PAID IN HIS OWN COIN.
By Edward J. Goodman, Author of ‘ Too Curious.’
VOL. lII.—CHAPTER XV. THE KINO OF THE MURDERERS,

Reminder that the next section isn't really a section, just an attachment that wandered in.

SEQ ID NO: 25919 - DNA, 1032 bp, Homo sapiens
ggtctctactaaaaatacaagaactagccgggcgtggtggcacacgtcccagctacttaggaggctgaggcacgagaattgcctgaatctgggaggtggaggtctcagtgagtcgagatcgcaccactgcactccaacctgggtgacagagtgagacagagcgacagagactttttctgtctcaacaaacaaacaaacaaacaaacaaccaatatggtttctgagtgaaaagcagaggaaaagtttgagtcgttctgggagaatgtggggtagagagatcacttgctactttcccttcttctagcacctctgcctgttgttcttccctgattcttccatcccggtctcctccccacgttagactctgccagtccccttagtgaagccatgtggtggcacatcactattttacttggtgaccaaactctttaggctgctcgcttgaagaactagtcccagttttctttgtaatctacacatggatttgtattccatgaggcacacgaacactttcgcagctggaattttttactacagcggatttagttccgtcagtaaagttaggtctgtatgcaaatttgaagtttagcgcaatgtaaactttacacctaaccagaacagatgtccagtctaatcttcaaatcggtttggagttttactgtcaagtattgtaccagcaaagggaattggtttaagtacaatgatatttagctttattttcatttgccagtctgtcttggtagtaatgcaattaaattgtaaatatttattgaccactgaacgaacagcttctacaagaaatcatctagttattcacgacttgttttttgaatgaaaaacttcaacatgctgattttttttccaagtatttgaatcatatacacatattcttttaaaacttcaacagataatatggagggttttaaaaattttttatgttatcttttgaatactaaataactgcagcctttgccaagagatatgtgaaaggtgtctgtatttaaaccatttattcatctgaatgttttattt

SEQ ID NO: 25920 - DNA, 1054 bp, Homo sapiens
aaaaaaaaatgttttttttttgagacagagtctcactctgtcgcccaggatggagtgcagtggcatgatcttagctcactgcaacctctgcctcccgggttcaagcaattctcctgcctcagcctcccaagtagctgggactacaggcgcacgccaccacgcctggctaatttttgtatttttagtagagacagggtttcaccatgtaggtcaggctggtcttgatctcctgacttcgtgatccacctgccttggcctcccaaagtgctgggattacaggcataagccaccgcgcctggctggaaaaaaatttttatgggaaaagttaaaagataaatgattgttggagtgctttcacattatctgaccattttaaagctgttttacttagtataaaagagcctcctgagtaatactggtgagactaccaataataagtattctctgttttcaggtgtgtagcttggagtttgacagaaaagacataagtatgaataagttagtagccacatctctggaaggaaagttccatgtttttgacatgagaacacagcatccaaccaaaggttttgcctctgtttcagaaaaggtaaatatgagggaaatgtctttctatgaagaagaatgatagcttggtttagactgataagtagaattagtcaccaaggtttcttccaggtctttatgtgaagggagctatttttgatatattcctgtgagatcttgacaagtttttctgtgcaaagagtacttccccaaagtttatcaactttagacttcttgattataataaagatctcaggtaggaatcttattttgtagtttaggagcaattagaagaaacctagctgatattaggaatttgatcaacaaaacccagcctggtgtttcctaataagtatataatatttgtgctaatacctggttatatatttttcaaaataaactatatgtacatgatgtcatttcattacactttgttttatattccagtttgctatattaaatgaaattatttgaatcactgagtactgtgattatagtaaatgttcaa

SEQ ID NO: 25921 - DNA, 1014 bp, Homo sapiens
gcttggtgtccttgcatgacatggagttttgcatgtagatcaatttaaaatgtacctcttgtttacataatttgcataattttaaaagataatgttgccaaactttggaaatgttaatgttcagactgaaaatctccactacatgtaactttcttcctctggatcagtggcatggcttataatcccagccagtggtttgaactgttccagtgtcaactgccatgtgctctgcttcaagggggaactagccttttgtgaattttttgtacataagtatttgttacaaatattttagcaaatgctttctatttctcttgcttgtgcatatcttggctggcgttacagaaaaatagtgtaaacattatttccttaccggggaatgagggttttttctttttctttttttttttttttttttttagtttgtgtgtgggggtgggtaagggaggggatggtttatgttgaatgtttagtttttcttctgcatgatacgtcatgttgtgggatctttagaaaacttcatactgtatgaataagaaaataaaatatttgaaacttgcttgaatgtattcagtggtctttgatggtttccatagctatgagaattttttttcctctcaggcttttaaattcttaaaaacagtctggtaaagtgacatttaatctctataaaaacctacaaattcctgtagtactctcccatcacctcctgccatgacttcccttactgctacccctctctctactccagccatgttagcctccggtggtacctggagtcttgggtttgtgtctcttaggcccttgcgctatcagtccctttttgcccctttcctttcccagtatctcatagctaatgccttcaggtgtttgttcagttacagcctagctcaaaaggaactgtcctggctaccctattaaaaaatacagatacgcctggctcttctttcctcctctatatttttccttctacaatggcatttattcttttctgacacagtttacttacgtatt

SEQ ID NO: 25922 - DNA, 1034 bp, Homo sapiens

“ Lennie,” said Dr Elliot pensively, putting his book down upon his knee, as he eat in his arm-chair by the fireside, “I wonder what became of that mysterious man, Oliver Crayke.” “ I can't imagine, Mark,” replied Mrs Elliot, looking up from her “ work.” “ Tho man was mad,” continued her husband ; “ I always thought so, and I am sure of it. But how ho put an end to that miserable creature, for kill him ho certainly did, I never could make out.” “Oh, Mark ! ’ exclaimed his wife, “ why talk, why think of that dreadful affair? It is now more than two years since it happened, and wo ought to forget it. Besides, remember our promise to poor Jennio, never to speak of her unhappy husband.” . « But I can’t help thinking of it, Lennie, said Mark. “Itis a mystery that seems to haunt mo, and I must say I should like to get at tho bottom of it. However, I won’t talk about it if tho subject distresses you.” “ Well, you must not talk to mo about anything just now, Mark,” said Helen, rising suddenly, “ for I hear baby crying. There, I must go up to him now, and I don’t think I shall come down again. You will not sit up late, will you ? And I hope you will not bo called out to-night.” Mark Elliot kissed his wife, promised not to sit up late, echoed her hope that he would not be summoned to any “ case ” that night, and then she left him to attend to her beloved one-year-old firstborn. Yet still he sat there thinking of that dark tragedy of two years ago, as he had often thought of it, seeking in vain to fathom the mystery of Oliver Crayke, and the means and motives of Jiis acts.^ There are curious coincidences in life, as we all know. Persons long absent, of whom wo are thinking, suddenly appear while our minds are dwelling upon them, and problems that puzzle us often find their solution by some accident, just at the very moment when they are occupying our thoughts. Such an experience befell Elliot as he sat there musing. His cogitations were interrupted by the entrance of Sarah, Jane Wynd’s old servant, now his own, who came in with an sur of great mystery, and with a letter or packet in he^hand. “This here was left for you, sir,” she said, “ a while ago, and I thought I would wait till the missus had gone up before giving it you. I found it in the letter-box, and it seemed so rum-looking that, thinks I, perhaps the doctor would like to have it first all to himself.” “You did right, Sarah,” replied her master, taking the letter and struck with surprise at its appearance. A singular missive, indeed, was that placed in Dr Elliot’s hands. The envelope was along one of the conventional “business” sort; but the direction ivas written in letters strangely fantastic in shape’, as though the hand that had traced them had been shaking violently under the influence of great mental agitation. “ That is a queer handwriting,” Dr Elliot reflected; “it looks like—but Avhat is the use of guessing ? Let us see what it is all about.” Then he opened the envelope, and drew out the enclosures. For there Avero two—a note and a series of folio sheets accompanying it. The note, like the envelope, bore letters of fantastic shape, but the document itself seemed written with a firm and steady hand. Dr Elliot uttered an exclamation of astonishment as his eye took in tho contents of the note, but it was with difficulty that he deciphered the xvords. At last he read as follows